You can also use the clinch as a tool that allows you to catch your breath when you’re exhausted. You can slow the action in the ring by clinching up with your opponent until you’re ready to increase your offense. It might get you some boos, and the referee might issue you a warning, but it works. Just remember, clinching typically doesn’t win you fights, but it can help to avoid losing. 


How To Clinch In Boxing

The main goal of clinching is to tie up your opponent’s hands. You place your forehead on their shoulders and lean into them to force them to carry your weight. This makes the position tiring for the person being clinched while protecting you from their punches.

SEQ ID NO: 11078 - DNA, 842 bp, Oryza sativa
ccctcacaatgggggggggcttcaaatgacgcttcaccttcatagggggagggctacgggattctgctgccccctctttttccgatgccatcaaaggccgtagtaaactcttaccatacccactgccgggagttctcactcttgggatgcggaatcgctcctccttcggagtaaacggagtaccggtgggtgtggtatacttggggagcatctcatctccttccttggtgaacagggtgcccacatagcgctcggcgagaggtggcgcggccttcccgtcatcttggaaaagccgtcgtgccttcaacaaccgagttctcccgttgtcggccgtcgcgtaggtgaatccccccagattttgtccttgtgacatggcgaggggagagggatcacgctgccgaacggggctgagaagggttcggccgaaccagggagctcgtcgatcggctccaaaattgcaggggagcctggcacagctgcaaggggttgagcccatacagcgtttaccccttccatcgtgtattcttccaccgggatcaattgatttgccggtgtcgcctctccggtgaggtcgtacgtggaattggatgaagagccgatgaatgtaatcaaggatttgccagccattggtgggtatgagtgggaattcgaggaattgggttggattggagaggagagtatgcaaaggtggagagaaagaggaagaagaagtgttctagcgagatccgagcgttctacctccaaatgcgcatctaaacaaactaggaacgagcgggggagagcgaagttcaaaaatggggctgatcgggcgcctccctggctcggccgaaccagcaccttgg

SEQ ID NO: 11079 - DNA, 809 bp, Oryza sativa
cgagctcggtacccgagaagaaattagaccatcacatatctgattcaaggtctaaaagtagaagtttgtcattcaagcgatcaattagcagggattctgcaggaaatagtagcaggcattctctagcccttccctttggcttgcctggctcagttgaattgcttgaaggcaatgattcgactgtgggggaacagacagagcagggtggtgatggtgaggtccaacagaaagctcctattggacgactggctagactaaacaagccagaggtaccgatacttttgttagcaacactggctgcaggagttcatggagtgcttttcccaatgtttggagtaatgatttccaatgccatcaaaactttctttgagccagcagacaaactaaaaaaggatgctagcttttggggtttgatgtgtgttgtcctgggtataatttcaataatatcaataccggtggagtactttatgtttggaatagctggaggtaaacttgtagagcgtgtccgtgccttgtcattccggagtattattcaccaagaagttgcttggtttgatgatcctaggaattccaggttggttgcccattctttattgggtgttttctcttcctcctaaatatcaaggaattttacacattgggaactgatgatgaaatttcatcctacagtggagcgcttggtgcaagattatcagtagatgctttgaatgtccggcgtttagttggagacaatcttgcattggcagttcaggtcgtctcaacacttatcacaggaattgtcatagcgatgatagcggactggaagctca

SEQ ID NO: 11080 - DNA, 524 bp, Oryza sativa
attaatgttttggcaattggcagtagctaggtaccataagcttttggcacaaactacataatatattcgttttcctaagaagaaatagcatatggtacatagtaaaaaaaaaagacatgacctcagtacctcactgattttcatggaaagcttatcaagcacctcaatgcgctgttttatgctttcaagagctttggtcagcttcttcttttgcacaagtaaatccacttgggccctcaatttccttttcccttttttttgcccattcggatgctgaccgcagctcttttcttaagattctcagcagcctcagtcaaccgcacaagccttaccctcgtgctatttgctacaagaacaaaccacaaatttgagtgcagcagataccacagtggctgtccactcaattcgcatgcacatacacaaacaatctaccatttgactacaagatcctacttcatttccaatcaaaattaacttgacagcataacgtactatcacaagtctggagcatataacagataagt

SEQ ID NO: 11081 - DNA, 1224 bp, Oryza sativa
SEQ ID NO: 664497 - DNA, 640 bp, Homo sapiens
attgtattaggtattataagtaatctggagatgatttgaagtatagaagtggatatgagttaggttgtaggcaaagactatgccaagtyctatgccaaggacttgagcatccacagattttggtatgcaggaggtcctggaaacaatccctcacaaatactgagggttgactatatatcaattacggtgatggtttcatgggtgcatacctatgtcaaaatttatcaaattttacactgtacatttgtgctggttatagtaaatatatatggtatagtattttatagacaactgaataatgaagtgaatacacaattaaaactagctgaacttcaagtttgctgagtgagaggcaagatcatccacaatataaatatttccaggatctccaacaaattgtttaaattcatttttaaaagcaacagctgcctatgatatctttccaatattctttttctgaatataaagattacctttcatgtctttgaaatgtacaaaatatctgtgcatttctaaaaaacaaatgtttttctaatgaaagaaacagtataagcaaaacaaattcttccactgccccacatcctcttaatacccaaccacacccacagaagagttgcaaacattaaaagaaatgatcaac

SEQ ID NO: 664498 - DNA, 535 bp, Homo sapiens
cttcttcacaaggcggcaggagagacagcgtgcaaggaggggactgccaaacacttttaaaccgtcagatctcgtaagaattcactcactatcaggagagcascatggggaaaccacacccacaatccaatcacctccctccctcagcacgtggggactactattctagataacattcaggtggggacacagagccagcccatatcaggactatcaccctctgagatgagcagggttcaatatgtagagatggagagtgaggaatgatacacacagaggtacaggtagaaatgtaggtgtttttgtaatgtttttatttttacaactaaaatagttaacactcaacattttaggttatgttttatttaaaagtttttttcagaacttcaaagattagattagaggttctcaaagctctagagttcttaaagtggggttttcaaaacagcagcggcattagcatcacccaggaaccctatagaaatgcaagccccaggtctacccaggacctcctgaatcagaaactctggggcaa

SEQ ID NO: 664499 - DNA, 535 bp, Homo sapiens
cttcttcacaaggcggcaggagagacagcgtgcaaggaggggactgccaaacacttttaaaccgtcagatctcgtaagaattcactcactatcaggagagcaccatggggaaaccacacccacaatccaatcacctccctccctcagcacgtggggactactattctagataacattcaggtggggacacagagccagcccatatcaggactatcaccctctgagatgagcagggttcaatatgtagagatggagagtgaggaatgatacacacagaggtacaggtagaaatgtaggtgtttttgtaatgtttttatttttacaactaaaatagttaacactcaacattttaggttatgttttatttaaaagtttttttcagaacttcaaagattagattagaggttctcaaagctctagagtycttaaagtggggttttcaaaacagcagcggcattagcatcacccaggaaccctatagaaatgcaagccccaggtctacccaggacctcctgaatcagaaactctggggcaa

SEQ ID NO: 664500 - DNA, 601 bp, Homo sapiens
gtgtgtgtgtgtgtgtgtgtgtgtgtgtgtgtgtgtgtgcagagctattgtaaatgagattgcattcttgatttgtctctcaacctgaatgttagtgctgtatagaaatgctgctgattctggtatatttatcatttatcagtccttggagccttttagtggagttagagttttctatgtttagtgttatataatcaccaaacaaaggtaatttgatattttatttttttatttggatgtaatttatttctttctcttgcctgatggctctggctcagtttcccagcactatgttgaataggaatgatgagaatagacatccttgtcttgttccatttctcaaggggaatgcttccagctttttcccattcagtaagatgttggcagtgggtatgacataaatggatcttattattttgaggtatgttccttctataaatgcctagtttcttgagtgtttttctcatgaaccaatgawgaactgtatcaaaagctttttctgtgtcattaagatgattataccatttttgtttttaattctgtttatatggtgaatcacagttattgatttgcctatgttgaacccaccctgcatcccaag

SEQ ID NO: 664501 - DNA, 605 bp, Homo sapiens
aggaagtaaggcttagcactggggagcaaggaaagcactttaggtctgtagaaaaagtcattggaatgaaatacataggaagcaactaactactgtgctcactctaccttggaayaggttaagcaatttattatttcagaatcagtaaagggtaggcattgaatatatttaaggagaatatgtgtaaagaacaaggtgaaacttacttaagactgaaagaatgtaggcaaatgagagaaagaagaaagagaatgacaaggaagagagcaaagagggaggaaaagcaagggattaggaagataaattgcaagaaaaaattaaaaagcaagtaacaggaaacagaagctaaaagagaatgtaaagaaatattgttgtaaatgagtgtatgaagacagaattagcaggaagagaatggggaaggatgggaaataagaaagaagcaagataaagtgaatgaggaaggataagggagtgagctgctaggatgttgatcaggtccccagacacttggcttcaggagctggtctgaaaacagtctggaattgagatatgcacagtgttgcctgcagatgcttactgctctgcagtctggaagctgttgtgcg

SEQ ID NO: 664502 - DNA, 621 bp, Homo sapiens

The key to clinching effectively is to move toward your opponent with a sense of purpose. You don’t want to close the distance timidly since that allows your opponent to push you away. Here’s what proper clinching technique looks like:

  • Keep your guard high with your elbows close together. This is a crucial detail since it protects your face as you close the distance on your opponent.
  • Advance towards your opponent with a purpose and hook both of their hands right above the elbows as soon as you’re close enough.
  • Once you’re dominating your opponent’s hands, pull them close and lean on them, forcing them to carry your weight. Push your head against your opponent’s collarbone, and don’t let up on the pressure. Doing this reduces the risk of your opponent “accidentally” headbutting or hitting you with their shoulder.
  • Keep your opponent’s lead leg between your legs to dominate the position. This also makes it easier for you to stay balanced.